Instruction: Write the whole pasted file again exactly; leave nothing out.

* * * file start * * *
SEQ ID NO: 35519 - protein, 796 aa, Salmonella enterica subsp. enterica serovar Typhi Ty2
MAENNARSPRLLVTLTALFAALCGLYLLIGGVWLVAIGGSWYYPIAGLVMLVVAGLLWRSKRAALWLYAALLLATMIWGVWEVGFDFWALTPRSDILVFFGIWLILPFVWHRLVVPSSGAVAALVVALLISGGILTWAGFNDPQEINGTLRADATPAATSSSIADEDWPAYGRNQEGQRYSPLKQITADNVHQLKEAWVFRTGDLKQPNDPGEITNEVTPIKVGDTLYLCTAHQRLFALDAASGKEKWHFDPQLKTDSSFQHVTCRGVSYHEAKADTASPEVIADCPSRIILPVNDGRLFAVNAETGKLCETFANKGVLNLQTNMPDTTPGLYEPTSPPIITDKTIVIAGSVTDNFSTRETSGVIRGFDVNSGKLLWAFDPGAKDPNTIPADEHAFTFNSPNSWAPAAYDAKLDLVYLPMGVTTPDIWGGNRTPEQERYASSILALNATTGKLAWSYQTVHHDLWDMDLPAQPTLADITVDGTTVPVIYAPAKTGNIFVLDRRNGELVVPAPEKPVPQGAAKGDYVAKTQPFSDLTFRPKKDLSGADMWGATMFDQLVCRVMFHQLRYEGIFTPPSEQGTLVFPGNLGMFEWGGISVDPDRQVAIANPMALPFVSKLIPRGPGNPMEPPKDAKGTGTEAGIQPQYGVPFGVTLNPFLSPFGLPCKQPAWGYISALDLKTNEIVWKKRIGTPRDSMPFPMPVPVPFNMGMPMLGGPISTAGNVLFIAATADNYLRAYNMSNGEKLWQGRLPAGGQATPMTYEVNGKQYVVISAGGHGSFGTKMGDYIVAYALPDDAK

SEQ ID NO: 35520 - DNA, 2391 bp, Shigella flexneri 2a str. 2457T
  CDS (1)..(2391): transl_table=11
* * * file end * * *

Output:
SEQ ID NO: 35519 - protein, 796 aa, Salmonella enterica subsp. enterica serovar Typhi Ty2
MAENNARSPRLLVTLTALFAALCGLYLLIGGVWLVAIGGSWYYPIAGLVMLVVAGLLWRSKRAALWLYAALLLATMIWGVWEVGFDFWALTPRSDILVFFGIWLILPFVWHRLVVPSSGAVAALVVALLISGGILTWAGFNDPQEINGTLRADATPAATSSSIADEDWPAYGRNQEGQRYSPLKQITADNVHQLKEAWVFRTGDLKQPNDPGEITNEVTPIKVGDTLYLCTAHQRLFALDAASGKEKWHFDPQLKTDSSFQHVTCRGVSYHEAKADTASPEVIADCPSRIILPVNDGRLFAVNAETGKLCETFANKGVLNLQTNMPDTTPGLYEPTSPPIITDKTIVIAGSVTDNFSTRETSGVIRGFDVNSGKLLWAFDPGAKDPNTIPADEHAFTFNSPNSWAPAAYDAKLDLVYLPMGVTTPDIWGGNRTPEQERYASSILALNATTGKLAWSYQTVHHDLWDMDLPAQPTLADITVDGTTVPVIYAPAKTGNIFVLDRRNGELVVPAPEKPVPQGAAKGDYVAKTQPFSDLTFRPKKDLSGADMWGATMFDQLVCRVMFHQLRYEGIFTPPSEQGTLVFPGNLGMFEWGGISVDPDRQVAIANPMALPFVSKLIPRGPGNPMEPPKDAKGTGTEAGIQPQYGVPFGVTLNPFLSPFGLPCKQPAWGYISALDLKTNEIVWKKRIGTPRDSMPFPMPVPVPFNMGMPMLGGPISTAGNVLFIAATADNYLRAYNMSNGEKLWQGRLPAGGQATPMTYEVNGKQYVVISAGGHGSFGTKMGDYIVAYALPDDAK

SEQ ID NO: 35520 - DNA, 2391 bp, Shigella flexneri 2a str. 2457T
  CDS (1)..(2391): transl_table=11